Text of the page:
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New Videos: Casting Alumilite Resin (Read 1,300 times)
Dave Bell
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New Videos: Casting Alumilite Resin
Jan 1st, 2015 at 11:50pm
 
There have been a few folks showing interest in the casting that I do to make some of my resin cast turnings. The videos that I am posting are for shaving brushes, razor handle and the stands. I am not turning these items, but merely showing and talking about the process of casting. The second video is of the castings after they have been removed from the pressure pot.

Please be advised that the pressure pot I use is much larger and has a much higher pressure rating than traditional paint pots. Do not use your pressure pots at the pressure I quote.

If you want to modify your pressure pot, please seek the help of someone who is knowledgeable and competent in this field of expertise.

I hope you enjoy the videos and please feel free to ask questions.

Thanks for watching.

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« Last Edit: Jan 2nd, 2015 at 11:49am by Bob Hamilton »  

Woodturning requires sharp tools and practice, and practice requires evaluation or little progress will be made. Keep your tools sharp, practice, evaluate your progress, and have fun............Dale L. Nish
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Dave Bell
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Elora, Ontario, Canada
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Re: New Videos: Casting Alumilite Resin
Reply #1 - Jan 3rd, 2015 at 1:46pm
 
I took one more video of the castings cut from the molds before turning by the customer.

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« Last Edit: Jan 3rd, 2015 at 10:21pm by Bob Hamilton »  

Woodturning requires sharp tools and practice, and practice requires evaluation or little progress will be made. Keep your tools sharp, practice, evaluate your progress, and have fun............Dale L. Nish
WWW bellsy4139 http://www.facebook.com/profile.php?id=831975120&r  
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Jerry Marcantel
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Re: New Videos: Casting Alumilite Resin
Reply #2 - Jan 3rd, 2015 at 4:30pm
 
Dave, that was a long video. I actually watched the whole thing.

The only thing that bothered me was watching you take your sweet time after you got A&B together. It looked like a lot more than 15 minutes.
I just did a casting, and I needed 24 oz. of resin. I mixed it in two mixes as I only had 16 oz cups. I also did the gram measurement as I'm using a triple beam scale. When the last bit of resin was poured into the mold, my first 15 minutes was up.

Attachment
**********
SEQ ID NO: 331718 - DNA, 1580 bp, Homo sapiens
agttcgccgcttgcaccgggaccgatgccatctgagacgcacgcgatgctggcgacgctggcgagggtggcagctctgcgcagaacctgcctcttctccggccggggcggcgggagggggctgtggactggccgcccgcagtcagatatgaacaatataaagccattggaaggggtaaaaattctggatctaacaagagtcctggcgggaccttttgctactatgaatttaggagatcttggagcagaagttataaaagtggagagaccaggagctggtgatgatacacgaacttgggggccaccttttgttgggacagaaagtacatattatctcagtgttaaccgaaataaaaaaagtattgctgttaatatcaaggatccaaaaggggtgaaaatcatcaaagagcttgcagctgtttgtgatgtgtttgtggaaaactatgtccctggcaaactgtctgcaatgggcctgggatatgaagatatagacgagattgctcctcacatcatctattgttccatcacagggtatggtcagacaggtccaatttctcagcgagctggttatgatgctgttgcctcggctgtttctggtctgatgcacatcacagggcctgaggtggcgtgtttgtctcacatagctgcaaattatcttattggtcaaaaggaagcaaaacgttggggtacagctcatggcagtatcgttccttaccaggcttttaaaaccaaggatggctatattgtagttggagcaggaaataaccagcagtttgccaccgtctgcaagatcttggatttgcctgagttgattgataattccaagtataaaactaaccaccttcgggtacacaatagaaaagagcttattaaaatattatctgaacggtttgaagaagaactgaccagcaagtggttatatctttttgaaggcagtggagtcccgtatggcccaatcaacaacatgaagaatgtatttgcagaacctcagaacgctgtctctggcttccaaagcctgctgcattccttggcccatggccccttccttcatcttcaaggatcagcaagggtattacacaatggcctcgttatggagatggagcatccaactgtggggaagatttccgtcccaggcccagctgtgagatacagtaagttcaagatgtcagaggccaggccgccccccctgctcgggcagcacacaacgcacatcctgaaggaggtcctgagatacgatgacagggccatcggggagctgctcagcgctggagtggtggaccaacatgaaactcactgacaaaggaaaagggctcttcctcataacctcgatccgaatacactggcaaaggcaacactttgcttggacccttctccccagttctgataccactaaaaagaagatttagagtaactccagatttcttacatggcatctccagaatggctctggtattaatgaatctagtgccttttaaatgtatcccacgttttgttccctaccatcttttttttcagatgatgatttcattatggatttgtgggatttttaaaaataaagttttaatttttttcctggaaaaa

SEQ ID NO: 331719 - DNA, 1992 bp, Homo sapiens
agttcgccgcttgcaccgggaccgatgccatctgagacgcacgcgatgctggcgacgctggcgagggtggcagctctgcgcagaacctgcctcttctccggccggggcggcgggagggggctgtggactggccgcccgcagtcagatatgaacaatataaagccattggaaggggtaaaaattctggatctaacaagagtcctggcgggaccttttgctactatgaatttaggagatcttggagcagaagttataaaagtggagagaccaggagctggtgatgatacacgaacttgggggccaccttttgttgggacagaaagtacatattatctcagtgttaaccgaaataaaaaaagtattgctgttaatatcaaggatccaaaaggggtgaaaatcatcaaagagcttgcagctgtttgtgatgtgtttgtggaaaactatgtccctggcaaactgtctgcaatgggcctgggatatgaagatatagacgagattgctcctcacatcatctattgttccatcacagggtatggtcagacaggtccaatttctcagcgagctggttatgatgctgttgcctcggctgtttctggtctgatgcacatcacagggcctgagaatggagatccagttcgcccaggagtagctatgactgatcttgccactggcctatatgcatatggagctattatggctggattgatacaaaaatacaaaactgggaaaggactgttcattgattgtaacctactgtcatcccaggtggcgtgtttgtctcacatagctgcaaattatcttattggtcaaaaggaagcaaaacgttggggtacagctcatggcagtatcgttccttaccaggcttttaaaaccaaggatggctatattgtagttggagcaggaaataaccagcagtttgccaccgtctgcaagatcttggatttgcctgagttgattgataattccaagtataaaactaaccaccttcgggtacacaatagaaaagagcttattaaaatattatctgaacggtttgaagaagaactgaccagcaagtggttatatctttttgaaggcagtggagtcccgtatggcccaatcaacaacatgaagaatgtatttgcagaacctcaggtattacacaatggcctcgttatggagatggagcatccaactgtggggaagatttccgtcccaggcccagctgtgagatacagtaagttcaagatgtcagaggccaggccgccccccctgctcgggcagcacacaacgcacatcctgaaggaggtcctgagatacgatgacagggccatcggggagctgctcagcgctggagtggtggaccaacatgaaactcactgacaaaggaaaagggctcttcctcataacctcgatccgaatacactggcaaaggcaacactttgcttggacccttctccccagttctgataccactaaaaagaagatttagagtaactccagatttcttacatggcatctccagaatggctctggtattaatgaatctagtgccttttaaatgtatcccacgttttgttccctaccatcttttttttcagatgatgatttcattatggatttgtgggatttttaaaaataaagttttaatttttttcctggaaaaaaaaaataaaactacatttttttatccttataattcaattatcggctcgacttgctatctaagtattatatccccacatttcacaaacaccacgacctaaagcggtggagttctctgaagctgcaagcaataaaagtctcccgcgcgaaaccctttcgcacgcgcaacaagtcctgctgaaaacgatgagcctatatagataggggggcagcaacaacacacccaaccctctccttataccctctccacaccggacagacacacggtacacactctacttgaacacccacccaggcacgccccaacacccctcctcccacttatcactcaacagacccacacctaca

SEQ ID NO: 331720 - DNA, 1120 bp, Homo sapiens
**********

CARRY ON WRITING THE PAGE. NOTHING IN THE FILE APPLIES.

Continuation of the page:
The casting turned out pretty good, but when I applied the pressure after closing the tank, the resin migrated into all kinds of nooks and crannies I didn't anticipate. That in turn caused my form to be about 1" shorter. Will post pictures when I finish turning it. Removing the tenon is all that's left to do. 
Also, I found out that Alumilite does not effect styrofoam, so I'm using those for mixing my stuff in.
I would like to know what your mold is going to look like on that large burl you showed in this video.
Thanks for posting your videos. They are informative.
.......... Jerry (in Tucson)
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Dave Bell
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Re: New Videos: Casting Alumilite Resin
Reply #3 - Jan 3rd, 2015 at 6:42pm
 
Thanks Jerry.

Sorry about the dragging my feet so to speak. Others asked me to try and be informative so I did what I thought was best. There are a lot of factors that can play into casting and as you have mentioned already, others should take note.

As for your mixing cup size, please seek containers more suited to project volume. I have numerous cups, cans, pails...etc to mix in....even used yogurt cups for the small casts.

Time wise for mixing pouring, the temperature of your work area can effect the set up/mixing times, regardless what the manufacturer states. I live in Canada and my shop is usually @ 65 degree in the winter. Summer temps can get up into the +100 sometimes. So this plays into casting parameters. Hence, this is why I keep a Casting Log Book for recording "everything".

The thing people seem to disregard is that the resin is going to be placed under pressure. If there is any air trapped in the wood or bubbles in the resin, this air is going to be compressed in size (smaller) depending on the amount of air pressure (capacity) that you can apply to your pressure pot. More pressure, smaller air bubbles or the porous nooks and crannies that you speak of are going to be filled with resin. This will reduce the visual volume you would have calculated for or calculated using another loose form such as beads of glass or rice. There is a consideration required to compensate for the density of the wood, such as buckeye burl compared to hard maple burl. If you plan on using spalted woods, they too will adsorb a lot of resin, but like I mentioned it's all dependent on the capacity of your pressure pot.

If you want to see a video of the finished casting (similar project) you can search my YouTube channel for Where's My Bowl Blank" and watch me turn the mold away from the casting. I do primarily disposable molds for casting burls because no two burls are alike. You can also review my tutorial here on the site where I make a Candy Dish using the exact same technique of mold making. Multimedia File Viewing and Clickable Links are available for Registered Members only!!  You need to Login or Register

I hope that helps clear up any questions for you. Please ask away if you need more help.

Dave